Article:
Scathing report released on Cape Town’s homeless policies

The more than 400-page report was compiled by The Inkathalo Conversations and commissioned by the City in 2020

By James Stent

4 November 2021

A new report has been released which often criticises the City of Cape Town’s policy to deal with homelessness. Archive Photo: Ashraf Hendricks

The City of Cape Town must review and amend all by-laws that criminalise homelessness without just cause. This was one of over 150 recommendations in a report into homelessness commissioned by the City.

The more than 400-page report was compiled by The Inkathalo Conversations (TIC). It criticises the local government’s current response to homelessness and questions its processes that produced the recent changes to City by-laws. It should be noted that the report was expected to be released over a year ago.

Recent changes to the City’s by-laws, passed on 29 September, appear to run contrary to the report’s recommendations, particularly those that fine homeless people for refusing offers of shelter.

The report covers eight general areas, including the criminalisation of homeless people, and the institutional drivers of homelessness. It also features “special reports” on what it calls homeless tax, and on the controversial Strandfontein Camp that was established by the City for local homeless people as a response to the Covid pandemic.

The report’s recommendations largely focused on amending the City’s 2013 Street People Policy, but also offered suggestions for national and provincial governments’ responses to homelessness.

Some of these include:

The report states, “It is our hope that the various role players … in the sector will take time to digest the report and provide their input …”

Ndifuna Ukwazi is currently litigating against the City in relation to its homeless by-laws.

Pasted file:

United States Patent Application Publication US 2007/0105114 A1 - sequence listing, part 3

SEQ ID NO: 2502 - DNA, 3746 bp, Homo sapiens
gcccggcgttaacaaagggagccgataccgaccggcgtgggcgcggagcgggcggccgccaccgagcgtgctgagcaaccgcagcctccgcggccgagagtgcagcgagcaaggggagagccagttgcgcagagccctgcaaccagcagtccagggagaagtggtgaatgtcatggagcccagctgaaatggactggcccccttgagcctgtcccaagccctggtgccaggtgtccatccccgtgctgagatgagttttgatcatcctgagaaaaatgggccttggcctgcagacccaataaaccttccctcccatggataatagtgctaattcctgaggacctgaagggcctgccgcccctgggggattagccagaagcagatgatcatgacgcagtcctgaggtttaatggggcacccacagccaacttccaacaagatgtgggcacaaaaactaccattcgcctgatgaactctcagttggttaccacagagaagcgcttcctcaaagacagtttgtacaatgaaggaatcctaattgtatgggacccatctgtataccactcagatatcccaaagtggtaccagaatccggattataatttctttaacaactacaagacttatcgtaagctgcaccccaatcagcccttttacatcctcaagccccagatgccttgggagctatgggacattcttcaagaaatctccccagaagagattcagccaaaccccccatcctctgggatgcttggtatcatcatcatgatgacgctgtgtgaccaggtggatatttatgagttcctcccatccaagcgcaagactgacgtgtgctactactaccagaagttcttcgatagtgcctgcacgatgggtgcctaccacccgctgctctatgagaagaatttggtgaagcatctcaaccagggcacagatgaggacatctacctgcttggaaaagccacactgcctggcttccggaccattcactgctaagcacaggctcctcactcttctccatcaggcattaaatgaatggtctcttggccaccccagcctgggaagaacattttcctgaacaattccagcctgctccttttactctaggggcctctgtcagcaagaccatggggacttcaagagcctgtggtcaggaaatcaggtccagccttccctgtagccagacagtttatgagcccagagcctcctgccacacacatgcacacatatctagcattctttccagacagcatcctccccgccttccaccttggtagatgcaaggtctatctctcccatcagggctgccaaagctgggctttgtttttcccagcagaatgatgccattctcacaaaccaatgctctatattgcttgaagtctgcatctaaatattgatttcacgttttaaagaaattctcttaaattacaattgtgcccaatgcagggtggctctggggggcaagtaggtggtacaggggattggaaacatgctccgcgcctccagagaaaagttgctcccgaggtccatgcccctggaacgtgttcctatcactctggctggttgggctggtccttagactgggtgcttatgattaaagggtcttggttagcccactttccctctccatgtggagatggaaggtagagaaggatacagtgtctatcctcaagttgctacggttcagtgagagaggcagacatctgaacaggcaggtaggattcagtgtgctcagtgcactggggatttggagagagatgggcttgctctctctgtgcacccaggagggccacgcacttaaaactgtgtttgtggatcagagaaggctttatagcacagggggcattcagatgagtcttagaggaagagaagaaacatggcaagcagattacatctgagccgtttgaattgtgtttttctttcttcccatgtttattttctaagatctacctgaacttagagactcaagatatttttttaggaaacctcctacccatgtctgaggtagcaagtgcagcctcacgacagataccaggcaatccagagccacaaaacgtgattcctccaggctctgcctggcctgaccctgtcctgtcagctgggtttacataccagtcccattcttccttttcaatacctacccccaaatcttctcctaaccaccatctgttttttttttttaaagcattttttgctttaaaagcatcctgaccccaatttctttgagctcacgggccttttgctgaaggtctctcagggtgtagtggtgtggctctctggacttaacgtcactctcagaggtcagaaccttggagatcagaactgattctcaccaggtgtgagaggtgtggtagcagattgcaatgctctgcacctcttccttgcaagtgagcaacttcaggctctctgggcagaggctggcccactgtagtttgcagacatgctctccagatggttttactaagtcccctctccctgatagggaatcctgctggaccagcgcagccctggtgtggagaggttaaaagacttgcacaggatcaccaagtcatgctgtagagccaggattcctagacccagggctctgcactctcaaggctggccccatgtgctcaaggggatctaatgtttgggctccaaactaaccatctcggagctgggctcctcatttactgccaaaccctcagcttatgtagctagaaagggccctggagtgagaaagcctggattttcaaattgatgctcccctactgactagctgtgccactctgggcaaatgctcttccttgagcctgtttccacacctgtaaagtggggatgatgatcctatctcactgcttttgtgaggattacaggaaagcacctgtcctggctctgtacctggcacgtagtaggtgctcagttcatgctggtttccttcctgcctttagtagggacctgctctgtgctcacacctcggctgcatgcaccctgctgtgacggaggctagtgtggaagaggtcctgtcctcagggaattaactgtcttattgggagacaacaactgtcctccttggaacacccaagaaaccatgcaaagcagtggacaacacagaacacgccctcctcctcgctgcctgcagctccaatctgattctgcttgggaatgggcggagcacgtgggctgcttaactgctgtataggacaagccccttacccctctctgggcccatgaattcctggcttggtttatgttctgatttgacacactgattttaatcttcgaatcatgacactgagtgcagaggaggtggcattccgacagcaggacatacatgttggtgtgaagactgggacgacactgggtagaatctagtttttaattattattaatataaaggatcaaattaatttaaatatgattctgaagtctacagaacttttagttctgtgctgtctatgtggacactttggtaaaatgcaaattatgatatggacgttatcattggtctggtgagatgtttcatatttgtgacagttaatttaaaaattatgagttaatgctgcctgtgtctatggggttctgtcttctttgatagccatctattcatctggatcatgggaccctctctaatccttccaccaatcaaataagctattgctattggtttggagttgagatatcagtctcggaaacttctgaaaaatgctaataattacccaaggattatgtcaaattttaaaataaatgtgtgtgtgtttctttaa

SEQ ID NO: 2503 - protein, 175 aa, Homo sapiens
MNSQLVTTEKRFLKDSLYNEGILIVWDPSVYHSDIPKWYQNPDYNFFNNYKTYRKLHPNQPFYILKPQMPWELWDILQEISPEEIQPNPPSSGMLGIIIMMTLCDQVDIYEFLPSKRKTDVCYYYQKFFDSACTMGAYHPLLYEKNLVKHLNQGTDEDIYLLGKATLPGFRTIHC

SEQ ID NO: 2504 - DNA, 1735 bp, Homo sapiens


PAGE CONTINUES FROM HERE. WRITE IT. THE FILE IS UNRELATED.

The City has recently announced that it will approach the Constitutional Court to secure eviction orders against homeless tent encampments in the City, which are currently barred under the current Disaster Management Act.

Much of the report’s content is from the testimony of people who responded to the call for submissions. These include homeless and formerly homeless people, people working for homelessness relief and support organisations, and government officials.

According to the report, on 31 July 2020, “The City of Cape Town, through the office of Councillor Zahid Badroodien [Mayoral Committee Member for Community Services and Health], requested The Inkathalo Conversations to facilitate an independent ‘pre-public participation process’ that would provide recommendations that would improve the City’s policies and strategies to address homelessness.”

The Inkathalo Conversations did not respond to GroundUp’s questions by time of publication, so it is unclear what the precise legal status of the group is, its funding or what the City’s commitment to the outcomes were.

City Spokesperson Luthando Tyhalibongo told GroundUp, “The City is reviewing the Street People Policy, and will review the [report] during the process. More communication on the Street People Policy will be released by the incoming Mayoral Committee Member.”